Integrating and Querying Parallel Leaf Shape Descriptions

  • Shenghui Wang
  • Jeff Z. Pan
Part of the Lecture Notes in Computer Science book series (LNCS, volume 4273)


Information integration and retrieval have been important problems for many information systems — it is hard to combine new information with any other piece of related information we already possess, and to make them both available for application queries. Many ontology-based applications are still cautious about integrating and retrieving information from natural language (NL) documents, preferring structured or semi-structured sources. In this paper, we investigate how to use ontologies to facilitate integrating and querying information on parallel leaf shape descriptions from NL documents. Our approach takes advantage of ontologies to precisely represent the semantics in shape description, to integrates parallel descriptions according to their semantic distances, and to answer shape-related species identification queries. From this highly specialised domain, we learn a set of more general methodological rules, which could be useful in other domains.


Leaf Shape Information Integration Shape Description Semantic Distance Complex Description 
These keywords were added by machine and not by the authors. This process is experimental and the keywords may be updated as the learning algorithm improves.


  1. 1.
    Stuckenschmidt, H., van Harmelen, F.: Information Sharing on the Semantic Web. Springer, Heidelberg (2004)Google Scholar
  2. 2.
    Ceusters, W., Smith, B., Fielding, J.M.: LinkSuiteTM: Formally robust ontology-based data and information integration. In: Rahm, E. (ed.) DILS 2004. LNCS (LNBI), vol. 2994, pp. 124–139. Springer, Heidelberg (2004)CrossRefGoogle Scholar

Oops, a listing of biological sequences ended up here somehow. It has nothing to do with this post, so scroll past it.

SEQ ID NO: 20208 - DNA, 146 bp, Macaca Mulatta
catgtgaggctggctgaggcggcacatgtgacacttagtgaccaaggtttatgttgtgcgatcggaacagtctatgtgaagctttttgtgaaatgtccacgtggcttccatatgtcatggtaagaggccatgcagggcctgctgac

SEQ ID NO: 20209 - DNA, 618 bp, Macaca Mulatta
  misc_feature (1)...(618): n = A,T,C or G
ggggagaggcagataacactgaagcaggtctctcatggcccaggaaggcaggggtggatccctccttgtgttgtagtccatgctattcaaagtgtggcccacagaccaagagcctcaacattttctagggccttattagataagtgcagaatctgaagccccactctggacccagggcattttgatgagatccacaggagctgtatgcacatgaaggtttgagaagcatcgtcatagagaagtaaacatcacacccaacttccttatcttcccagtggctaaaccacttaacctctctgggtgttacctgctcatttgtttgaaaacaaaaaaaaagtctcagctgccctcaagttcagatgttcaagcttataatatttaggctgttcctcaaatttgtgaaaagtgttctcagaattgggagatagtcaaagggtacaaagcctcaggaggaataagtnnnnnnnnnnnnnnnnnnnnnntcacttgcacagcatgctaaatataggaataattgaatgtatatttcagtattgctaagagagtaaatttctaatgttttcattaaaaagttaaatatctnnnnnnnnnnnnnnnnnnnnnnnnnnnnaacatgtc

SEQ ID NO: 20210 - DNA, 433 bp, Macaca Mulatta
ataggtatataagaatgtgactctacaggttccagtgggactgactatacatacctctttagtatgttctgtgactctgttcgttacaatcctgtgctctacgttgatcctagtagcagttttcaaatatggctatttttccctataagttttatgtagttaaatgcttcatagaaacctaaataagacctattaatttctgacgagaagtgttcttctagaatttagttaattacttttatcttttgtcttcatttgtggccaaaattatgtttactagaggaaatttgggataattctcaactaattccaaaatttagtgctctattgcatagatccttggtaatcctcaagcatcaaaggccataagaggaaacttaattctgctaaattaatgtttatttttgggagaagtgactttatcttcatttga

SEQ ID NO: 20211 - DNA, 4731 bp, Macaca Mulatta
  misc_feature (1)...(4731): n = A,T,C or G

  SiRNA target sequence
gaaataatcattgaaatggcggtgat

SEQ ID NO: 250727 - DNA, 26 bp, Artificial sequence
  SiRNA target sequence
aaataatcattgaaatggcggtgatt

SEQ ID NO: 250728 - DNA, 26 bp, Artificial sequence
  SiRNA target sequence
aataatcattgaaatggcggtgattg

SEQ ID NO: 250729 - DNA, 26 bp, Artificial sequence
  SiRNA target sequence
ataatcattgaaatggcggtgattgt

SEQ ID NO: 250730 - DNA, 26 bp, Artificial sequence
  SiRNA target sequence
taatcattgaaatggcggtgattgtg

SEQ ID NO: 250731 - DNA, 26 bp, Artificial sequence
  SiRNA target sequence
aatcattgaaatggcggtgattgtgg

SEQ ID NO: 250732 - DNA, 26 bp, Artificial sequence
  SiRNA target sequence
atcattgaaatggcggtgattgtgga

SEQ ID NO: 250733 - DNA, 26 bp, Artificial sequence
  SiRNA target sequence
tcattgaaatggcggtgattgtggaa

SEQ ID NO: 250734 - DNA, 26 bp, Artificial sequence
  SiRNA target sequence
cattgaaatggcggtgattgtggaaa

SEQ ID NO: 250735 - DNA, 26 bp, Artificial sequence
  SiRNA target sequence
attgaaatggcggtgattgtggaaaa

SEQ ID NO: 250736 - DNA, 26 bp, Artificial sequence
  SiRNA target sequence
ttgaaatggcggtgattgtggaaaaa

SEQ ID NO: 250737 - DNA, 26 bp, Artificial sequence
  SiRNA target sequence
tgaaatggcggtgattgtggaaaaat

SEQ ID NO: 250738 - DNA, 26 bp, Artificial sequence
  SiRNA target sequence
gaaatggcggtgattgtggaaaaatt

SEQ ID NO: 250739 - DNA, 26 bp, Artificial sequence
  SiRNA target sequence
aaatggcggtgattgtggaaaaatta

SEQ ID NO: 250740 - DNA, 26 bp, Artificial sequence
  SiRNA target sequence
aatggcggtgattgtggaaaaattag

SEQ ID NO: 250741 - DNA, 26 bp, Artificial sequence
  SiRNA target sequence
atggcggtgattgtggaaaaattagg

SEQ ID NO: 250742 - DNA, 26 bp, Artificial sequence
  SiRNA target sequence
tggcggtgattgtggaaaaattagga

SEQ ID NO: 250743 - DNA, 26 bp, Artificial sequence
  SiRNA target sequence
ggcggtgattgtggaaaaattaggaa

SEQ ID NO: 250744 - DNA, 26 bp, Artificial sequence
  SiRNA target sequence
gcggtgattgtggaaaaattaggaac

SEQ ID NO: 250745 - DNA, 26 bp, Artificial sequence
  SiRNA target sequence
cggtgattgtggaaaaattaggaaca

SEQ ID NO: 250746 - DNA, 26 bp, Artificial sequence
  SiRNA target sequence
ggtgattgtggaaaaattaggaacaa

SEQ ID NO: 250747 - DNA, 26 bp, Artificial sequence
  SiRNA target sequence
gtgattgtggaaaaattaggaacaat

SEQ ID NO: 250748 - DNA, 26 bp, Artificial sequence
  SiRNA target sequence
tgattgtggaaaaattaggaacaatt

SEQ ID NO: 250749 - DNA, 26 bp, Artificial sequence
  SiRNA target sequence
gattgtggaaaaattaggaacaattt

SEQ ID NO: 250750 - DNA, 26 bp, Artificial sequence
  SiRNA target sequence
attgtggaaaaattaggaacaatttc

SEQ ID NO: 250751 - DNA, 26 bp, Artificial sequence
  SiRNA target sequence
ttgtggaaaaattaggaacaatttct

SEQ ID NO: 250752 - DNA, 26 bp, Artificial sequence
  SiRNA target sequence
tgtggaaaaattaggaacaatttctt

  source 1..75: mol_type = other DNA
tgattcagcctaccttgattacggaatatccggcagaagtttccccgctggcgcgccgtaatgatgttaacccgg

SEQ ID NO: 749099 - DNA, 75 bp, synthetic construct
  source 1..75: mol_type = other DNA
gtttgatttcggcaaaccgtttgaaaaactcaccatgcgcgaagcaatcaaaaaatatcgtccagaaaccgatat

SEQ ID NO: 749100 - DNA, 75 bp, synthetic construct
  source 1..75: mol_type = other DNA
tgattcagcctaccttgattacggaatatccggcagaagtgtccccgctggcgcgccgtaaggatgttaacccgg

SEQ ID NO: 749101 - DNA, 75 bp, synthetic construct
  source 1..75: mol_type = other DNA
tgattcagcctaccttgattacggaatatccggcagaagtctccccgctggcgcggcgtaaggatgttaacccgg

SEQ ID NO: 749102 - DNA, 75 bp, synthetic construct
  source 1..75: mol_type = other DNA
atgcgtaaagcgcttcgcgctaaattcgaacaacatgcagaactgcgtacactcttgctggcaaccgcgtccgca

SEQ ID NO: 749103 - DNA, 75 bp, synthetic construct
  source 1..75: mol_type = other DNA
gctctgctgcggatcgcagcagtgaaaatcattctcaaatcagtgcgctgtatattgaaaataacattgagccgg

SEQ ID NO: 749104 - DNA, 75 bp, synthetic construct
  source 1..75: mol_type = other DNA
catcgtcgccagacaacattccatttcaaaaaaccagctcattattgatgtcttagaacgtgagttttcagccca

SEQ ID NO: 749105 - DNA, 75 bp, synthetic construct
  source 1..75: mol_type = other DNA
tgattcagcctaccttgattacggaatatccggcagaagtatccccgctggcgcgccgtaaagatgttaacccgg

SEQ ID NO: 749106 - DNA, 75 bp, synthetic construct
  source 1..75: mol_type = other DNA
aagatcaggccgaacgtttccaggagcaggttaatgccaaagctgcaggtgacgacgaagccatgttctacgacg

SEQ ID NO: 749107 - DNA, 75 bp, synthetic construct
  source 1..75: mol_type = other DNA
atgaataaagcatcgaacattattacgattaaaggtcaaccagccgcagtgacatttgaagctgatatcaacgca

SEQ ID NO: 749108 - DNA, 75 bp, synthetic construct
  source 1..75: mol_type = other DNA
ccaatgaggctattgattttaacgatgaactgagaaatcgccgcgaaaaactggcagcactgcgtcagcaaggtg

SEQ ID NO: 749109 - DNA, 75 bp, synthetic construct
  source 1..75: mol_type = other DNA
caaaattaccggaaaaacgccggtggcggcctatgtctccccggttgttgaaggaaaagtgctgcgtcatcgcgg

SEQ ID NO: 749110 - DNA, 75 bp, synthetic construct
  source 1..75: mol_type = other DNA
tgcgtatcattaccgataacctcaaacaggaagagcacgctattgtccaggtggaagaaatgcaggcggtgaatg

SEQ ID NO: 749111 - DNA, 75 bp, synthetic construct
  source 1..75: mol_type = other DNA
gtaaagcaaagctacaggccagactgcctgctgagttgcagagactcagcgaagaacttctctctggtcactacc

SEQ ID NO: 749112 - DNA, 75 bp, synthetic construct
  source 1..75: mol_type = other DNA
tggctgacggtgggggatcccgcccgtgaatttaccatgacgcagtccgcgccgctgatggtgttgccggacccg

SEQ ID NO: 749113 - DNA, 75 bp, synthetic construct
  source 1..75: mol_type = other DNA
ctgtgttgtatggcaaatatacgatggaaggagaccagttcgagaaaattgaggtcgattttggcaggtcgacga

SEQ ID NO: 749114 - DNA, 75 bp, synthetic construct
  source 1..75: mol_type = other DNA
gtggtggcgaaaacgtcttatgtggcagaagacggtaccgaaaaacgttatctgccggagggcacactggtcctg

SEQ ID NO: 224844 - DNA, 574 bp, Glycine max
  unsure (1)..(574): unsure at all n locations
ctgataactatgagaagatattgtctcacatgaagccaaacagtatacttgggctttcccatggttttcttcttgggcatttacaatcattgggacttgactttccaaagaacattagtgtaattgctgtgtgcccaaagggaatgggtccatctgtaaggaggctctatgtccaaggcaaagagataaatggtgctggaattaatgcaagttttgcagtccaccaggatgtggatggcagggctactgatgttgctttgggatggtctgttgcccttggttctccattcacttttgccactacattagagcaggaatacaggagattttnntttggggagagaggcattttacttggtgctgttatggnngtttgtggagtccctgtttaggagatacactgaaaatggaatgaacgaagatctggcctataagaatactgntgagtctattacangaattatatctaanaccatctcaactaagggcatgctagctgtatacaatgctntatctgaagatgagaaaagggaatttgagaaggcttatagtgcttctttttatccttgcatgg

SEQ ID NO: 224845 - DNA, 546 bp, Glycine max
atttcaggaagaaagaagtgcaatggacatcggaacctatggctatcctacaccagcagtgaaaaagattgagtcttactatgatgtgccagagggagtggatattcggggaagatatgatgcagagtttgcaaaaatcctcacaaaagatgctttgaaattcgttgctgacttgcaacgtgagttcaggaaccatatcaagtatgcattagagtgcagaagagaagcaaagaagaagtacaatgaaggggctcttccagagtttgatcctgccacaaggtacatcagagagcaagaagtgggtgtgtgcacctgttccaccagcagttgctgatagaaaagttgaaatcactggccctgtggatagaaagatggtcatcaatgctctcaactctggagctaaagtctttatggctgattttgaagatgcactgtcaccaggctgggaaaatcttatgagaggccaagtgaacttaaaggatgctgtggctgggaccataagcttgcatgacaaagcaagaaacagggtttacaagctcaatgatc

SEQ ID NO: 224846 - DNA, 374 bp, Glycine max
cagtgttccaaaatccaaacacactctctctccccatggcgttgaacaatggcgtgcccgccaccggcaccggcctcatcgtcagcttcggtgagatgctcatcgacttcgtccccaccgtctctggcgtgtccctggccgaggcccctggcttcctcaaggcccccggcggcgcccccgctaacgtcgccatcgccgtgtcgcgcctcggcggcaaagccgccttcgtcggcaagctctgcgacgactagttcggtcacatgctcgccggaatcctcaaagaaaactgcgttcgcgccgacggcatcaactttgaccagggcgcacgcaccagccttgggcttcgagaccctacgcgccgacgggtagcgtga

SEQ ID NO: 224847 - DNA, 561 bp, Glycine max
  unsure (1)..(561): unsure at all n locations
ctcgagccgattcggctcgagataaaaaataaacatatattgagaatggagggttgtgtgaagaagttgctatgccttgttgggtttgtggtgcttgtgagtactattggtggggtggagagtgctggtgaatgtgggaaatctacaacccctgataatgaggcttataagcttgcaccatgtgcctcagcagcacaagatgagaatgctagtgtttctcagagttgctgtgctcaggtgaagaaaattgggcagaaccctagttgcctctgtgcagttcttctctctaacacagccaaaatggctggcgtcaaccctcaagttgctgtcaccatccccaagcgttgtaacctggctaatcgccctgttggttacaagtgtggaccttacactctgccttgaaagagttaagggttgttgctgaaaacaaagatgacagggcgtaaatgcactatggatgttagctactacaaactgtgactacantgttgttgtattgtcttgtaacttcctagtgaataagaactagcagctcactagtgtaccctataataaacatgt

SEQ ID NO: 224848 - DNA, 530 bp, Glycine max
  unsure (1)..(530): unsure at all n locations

3. 3.
    Wache, H., Voegele, T., Visser, U., Stuckenschmidt, H., Schuster, G., Neumann, H., Huebner, S.: Ontology-based integration of information - a survey of existing approaches. In: Proceedings of the IJCAI 2001 Workshop: Ontologies and Information Sharing, Seattle, WA, pp. 108–117 (2001)Google Scholar
  4. 4.
    Wang, S., Pan, J.Z.: Ontology-based representation and query colour descriptions from botanical documents. In: Meersman, R., Tari, Z. (eds.) OTM 2005. LNCS, vol. 3761, pp. 1279–1295. Springer, Heidelberg (2005)CrossRefGoogle Scholar
  5. 5.
    Gielis, J.: A generic geometric transformation that unifies a wide range of natural and abstract shapes. American Journal of Botany 90, 333–338 (2003)CrossRefGoogle Scholar
  6. 6.
    Pan, J.Z., Horrocks, I.: OWL-Eu: Adding Customised Datatypes into OWL. In: Gómez-Pérez, A., Euzenat, J. (eds.) ESWC 2005. LNCS, vol. 3532. Springer, Heidelberg (2005), An extended and revised version is published in the Journal of Web Semantics 4(1), 29–39 (2005)Google Scholar
  7. 7.
    Pan, J.Z.: Description Logics: Reasoning Support for the Semantic Web. PhD thesis, School of Computer Science, The University of Manchester (2004)Google Scholar
  8. 8.
    Pan, J.Z.: A Flexible Ontology Reasoning Architecture for the Semantic Web. IEEE Transactions on Knowledge and Data Engineering, Special Issue on the Semantic Web (to appear, 2006)Google Scholar
  9. 9.
    Marr, D., Nishihara, H.: Representation and recognition of the spatial organization of three-dimensional shapes. In: Proceedings of the Royal Society B 200, London, pp. 269–294 (1978)Google Scholar
  10. 10.
    Pentland, A.: Perceptual organization and the representation of natural form. Artificial Intelligence 28, 293–331 (1986)CrossRefMathSciNetGoogle Scholar
  11. 11.
    Thompson, D.: On growth and form. Cambridge University Press, London (1917)Google Scholar
  12. 12.
    Adams, D.C., Rohlf, F.J., Slice, D.E.: Geometric morphometrics: Ten years of progress following the “revolution”. Italian Journal of Zoology 71, 5–16 (2004)CrossRefGoogle Scholar
  13. 13.
    Stearn, W.T.: Botanical Latin: history, grammar, syntax, terminology and vocabulary. David and Charles, Newton Abbot (1973)Google Scholar
  14. 14.
    Gärdenfors, P.: Conceptual Spaces: the geometry of thought. MIT Press, Cambridge (2000)Google Scholar